World - Most Commented

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Is 2005 the year of the phone?

Jan 25, 2005
2004 was the year of Google. The company's high-profile IPO captivated the business world and media for months. But this year, those eyes may focus on the smaller screen. Companies selling programs and entertainment for mobile phones could be the headline grabbers in 2005, as Marketplace's Stacey Vanek Smith reports.

Those musical markets

Jan 25, 2005
On this program, we use musical cues to let you know how stocks are doing - happy music for good days, more somber music when stocks are down. A small New Hampshire company is taking that concept to a whole new level. As Dan Gorenstein reports, the company has developed software that converts market data into musical sounds.

More media consolidations ...

Jan 24, 2005
The last few years we've been hearing the debate over something called media consolidation. Typically, this is shorthand for one company's ownership of several radio or TV stations in a single market. But newspapers? Stop the presses. Marketplace's Bob Moon reports federal antitrust regulators are looking into the ambitions of two big newspaper empires.

Reconstruction, and regulation

Jan 24, 2005
This from the UN today. Tens of thousands of Indonesians have left refugee camps over the last few days to stay with relatives. It's another sign the tsunami story is beginning a new chapter, from relief to reconstruction. But as we saw in the relief phase, there are controversies about money. In Sri Lanka, the government has pledged $3.5 billion to rebuild the coastline. As Miranda Kennedy reports from the coastal city of Galle, the government wants to restrict reconstruction: no closer than 300 yards from the ocean.

Too much of a great thing?

Jan 24, 2005
If you don't like crowds, this week you may want to avoid a little town in Utah called "Park City". The Sundance film festival is underway there. And though it isn't quite all limosines and red carpets, the annual celebration of independent film is experiencing growing pains. Founding father Robert Redford has been quoted as pondering the 'too muchness' of the festival. Marketplace's Jeff Tyler is at Sundance this week, taking in the 'too muchness' of it all.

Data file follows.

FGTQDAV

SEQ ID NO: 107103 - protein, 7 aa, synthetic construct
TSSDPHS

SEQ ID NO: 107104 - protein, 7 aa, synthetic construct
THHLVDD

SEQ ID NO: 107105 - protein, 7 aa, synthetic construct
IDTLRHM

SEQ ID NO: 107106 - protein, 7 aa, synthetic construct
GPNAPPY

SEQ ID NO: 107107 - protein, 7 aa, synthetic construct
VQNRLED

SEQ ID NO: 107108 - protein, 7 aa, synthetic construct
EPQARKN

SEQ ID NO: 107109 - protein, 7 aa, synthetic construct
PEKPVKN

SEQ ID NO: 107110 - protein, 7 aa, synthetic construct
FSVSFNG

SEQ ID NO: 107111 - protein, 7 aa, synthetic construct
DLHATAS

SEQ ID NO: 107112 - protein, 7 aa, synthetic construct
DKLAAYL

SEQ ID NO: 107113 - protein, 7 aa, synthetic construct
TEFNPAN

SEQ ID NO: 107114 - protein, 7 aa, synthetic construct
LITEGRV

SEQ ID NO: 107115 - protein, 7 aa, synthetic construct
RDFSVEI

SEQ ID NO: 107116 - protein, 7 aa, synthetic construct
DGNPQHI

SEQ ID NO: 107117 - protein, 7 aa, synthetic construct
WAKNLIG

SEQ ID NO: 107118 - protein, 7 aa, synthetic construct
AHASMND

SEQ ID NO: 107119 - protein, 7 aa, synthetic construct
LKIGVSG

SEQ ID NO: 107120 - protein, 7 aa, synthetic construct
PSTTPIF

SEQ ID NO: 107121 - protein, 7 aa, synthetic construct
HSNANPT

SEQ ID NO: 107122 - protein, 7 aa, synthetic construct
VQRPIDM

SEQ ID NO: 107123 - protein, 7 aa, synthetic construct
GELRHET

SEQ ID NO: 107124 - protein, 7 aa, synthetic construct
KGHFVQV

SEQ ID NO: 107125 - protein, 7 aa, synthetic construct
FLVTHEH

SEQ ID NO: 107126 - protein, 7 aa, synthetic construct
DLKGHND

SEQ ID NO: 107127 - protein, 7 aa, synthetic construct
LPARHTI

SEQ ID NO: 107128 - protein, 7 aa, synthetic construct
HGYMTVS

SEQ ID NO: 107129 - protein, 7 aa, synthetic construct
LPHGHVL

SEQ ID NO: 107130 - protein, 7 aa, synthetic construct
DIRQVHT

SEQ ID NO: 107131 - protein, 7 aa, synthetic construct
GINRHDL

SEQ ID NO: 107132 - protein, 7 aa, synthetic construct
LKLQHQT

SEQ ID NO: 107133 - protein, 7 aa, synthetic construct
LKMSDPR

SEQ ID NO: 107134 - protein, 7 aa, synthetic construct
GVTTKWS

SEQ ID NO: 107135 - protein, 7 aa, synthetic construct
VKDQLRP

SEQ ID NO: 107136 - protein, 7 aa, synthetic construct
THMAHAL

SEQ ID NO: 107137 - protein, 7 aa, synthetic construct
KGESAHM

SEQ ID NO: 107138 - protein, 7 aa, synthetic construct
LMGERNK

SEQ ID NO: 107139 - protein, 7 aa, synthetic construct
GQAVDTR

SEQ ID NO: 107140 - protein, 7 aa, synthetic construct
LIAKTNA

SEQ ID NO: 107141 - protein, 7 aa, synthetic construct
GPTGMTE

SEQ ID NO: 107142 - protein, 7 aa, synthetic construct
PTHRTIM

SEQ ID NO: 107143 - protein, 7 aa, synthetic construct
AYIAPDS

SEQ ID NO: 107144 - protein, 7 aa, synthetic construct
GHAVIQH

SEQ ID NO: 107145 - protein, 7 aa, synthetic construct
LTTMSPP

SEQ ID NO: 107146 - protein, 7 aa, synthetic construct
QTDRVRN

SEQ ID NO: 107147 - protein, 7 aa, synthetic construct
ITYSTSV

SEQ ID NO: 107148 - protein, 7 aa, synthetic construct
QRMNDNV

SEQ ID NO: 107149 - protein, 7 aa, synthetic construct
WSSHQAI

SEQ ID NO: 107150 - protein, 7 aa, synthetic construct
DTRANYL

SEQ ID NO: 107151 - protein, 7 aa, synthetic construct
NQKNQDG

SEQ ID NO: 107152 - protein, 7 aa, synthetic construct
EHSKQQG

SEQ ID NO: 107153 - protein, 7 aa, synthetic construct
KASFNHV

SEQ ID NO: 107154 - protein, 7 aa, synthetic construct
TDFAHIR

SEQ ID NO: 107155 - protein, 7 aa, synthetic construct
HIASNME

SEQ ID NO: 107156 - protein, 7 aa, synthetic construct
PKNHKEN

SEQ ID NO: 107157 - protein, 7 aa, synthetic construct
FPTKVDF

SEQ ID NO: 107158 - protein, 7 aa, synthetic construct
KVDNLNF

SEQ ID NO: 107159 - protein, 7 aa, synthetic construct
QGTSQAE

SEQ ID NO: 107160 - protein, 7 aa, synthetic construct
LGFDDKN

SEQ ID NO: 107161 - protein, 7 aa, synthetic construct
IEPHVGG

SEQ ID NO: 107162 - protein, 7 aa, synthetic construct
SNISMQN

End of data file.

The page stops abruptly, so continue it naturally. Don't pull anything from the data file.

Bulls**t - in the advertising world

Jan 24, 2005
In the business world, there is vast grey area between what is truth and what is not. Take for instance an advertisement that reads, 'World's Best Car.' David Brown talks to Princeton philosopher Harry Frankfurt, who has written about the topic. LANGUAGE NOTE: The interview contains controversial language, and although it is censored out, most listeners will be able to understand the meaning of the word.

A new take on relief

Jan 24, 2005
The tsunami relief camps in Southeast Asia are mostly makeshift communities - run by charities or individuals. But in Sri Lanka, some victims are being cared for in corporate relief camps. As Miranda Kennedy reports, the company running the camps is a good fit - it already makes the things tsunami survivors need.

Sloan Sessions - GM in trouble?

Jan 24, 2005
General Motors is having some trouble keeping its corporate engine running. In this edition of The Sloan Sessions, Newsweek's Wall Street editor Allan Sloan joins host Kai Ryssdal to take a look under the hood.

Is anybody listening?

Jan 21, 2005
When the Enron story first surfaced, it wasn't clear whether it was just a lone case. Then a wave of corporate scandals left Washington feeling no choice but to step in to prevent more Enrons. A law called Sarbanes-Oxley imposed tougher audits, more accountability, independent oversight. So shaken was confidence in corporate America, that even many in the business community applauded the reforms. Well, a lot of that applause has subsided. In fact, one can now hear catcalls from corporate America. Marketplace's John Dimsdale reports.

The Week that was, on Wall Street

Jan 21, 2005
Friday means our host in Los Angeles David Brown talks to our man in Dallas, David Johnson - stockbroker and analyst.

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